The Tibetan Bharal is the nominate form of the Bharal. Brian Houghton Hodgson described the species 1833. The type locality is the Kachar region of Nepal.


English:  Tibetan Bharal, Himalayan Bharal [2], Naur, Nepal Blue Sheep [1]. Since Pseudois nayaur is in its own genus and closer related to Capra than to Ovis, the name „Blue Sheep“ is indefensible.

Chinese: 岩羊 [13, Wikipedia], Yanyang [13, 6, 1], banyang [1], Qingyang, Shiyang [6]

Dzongkha (national language of Bhutan): na or gnao [2]

French: Bharal du Tibet [2]

German:  Tibet-Bharal [2]; formerly: Tibet-Blauschaf

Hindi: barhal, bharar and bharut [2], Burrhe [1]

Kullu (language spoken in Himachal Pradesh, India): Myatu [1]

Ladakhi: na and sna [2]

Nepali: nahoor or naur [1, 2], nahur [1]

Spanish: Baral del Tibet, capra azul del Himalaya [1], Baral del Himalaya [2]

Tibetan: gna‘-ba [2], Napu, na, nawa [1]


Pseudois nayaur nayaur, Hodgson 1833

type locality: Tibetan frontier of Nepal (=Kachar region, Nepal) [2]


by country/region: This subspecies of the Greater Bharal is found in Bhutan, Western China (mainly on the Tibetan Plateau), Northern India, Northern Myanmar (Rabinowitz and Tun Khaing 1998) and Nepal. [6]

Caprinae-world considers specimen from westernmost China, Northern Pakistan and Tajikistan – if they occur there at all – as Pamir Bharal.

In China the Tibetan Bharal occurs in Western Xizang AR (Aru County), extending eastwards in scattered populations to north-central Xizang. Good populations are in around the Qomolangma Feng National Nature Reserve especially the Karta, Gandun and Lapchi areas. The most easterly occurrence has been recorded in Jiangda, west of Jhinsha River at the border between Xizang AR and Sichuan Province. The northern and easten limits of the Tibetan Bharal range, where it meets the range of the Chinese Bharal, are undetermined and most likely comprise large intergrading zones. However following Damm and Franco (2014) Bharal occurring in Xizang AR are considered here as belonging to the nayaur race and those from the entire Qinghai Province and the areas further north and east as szechuanensis. [2]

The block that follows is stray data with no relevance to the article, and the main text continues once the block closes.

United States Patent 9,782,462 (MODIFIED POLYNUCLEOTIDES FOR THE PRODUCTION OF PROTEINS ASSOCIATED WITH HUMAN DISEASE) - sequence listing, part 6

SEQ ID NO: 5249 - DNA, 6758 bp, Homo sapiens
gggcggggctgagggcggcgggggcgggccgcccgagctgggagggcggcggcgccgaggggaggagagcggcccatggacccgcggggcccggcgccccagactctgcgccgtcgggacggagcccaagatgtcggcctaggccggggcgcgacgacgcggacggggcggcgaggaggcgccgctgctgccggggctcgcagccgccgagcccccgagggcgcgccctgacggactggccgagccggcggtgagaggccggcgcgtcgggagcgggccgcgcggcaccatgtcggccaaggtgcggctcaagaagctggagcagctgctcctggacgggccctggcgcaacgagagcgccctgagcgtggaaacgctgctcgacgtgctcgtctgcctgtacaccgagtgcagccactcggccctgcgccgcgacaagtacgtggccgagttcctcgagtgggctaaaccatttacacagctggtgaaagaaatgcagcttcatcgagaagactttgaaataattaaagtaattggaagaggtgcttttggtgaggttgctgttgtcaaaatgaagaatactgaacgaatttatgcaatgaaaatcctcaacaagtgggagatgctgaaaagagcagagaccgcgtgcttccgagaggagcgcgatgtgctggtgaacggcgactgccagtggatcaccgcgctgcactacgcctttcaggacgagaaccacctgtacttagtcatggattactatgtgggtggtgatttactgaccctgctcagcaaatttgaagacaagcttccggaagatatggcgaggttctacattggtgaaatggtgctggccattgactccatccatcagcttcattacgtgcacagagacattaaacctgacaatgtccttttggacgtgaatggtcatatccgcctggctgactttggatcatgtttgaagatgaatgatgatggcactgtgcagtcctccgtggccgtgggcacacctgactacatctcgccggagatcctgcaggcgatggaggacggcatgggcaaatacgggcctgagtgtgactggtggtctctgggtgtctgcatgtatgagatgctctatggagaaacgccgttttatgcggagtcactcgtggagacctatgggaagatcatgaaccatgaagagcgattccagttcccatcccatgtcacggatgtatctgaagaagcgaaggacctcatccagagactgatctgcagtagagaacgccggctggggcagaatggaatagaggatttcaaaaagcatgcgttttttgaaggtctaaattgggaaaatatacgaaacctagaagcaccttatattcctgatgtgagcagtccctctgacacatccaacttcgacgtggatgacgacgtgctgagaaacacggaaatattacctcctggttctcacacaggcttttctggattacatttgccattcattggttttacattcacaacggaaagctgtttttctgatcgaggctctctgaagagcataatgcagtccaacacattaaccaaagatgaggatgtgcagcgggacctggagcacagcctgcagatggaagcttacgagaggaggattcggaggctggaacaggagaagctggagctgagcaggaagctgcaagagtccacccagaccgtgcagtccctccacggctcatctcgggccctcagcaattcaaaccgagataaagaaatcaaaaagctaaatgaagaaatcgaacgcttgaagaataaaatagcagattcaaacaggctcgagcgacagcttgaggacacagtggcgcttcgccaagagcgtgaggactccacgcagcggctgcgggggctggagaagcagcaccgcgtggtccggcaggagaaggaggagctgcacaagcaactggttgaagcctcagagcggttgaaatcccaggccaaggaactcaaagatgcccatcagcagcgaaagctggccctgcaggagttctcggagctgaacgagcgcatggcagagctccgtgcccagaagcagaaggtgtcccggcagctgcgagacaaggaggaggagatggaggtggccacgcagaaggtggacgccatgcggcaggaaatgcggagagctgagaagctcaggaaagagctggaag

In Bhutan the subspecies is found in the northern parts above 4.000 to 4.500 metres asl. [6]

In India it is fairly continuously distributed in the northern Himalayan and Trans-Himalayan regions, although the extent of its eastern distribution along the northern border of Arunachal Pradesh is still unknown. They are relatively common in many areas of eastern Ladakh (Jammu and Kashmir), and in parts of Spiti and the upper Parbati valley in northern Himachal Pradesh (Fox et al. 1986, S. Pandey pers. comm.). Tibetan Bharal are known to occur in the Govind Pashu Vihar Wildlife Sanctuary and Nanda Devi National Park, and near Badrinath (Uttar Pradesh), on the slopes of the Khangchendzonga massif (Sikkim), and in eastern Arunachal Pradesh. Very recently, Bharal presence has been confirmed in the northwestern corner of Arunachal Pradesh near its border with Bhutan and China. [6]

In Nepal, it is fairly continuously distributed to the north of the Greater Himalaya from the border with India and Tibet in the extreme northwest, eastwards through Dolpo and Mustang to Gorkha district in north-central Nepal. It then re-occurs in Nepal in at least two isolated areas: in Lamobogar, and on the southwestern slopes of Kanchenjunga near the border with Sikkim (India) (Schaller 1977, Wegge 1991). These two are probably connected with more extensive populations across the border in Tibet. [6]

Myanmar: Only in 1996 they were discovered in this country. Rabinowitz et al (1998) examined five sets of Bharal in the city of Putao, having reportedly come from the „icy mountains“ of the north. Bharal have never before been documented in Myanmar. [6]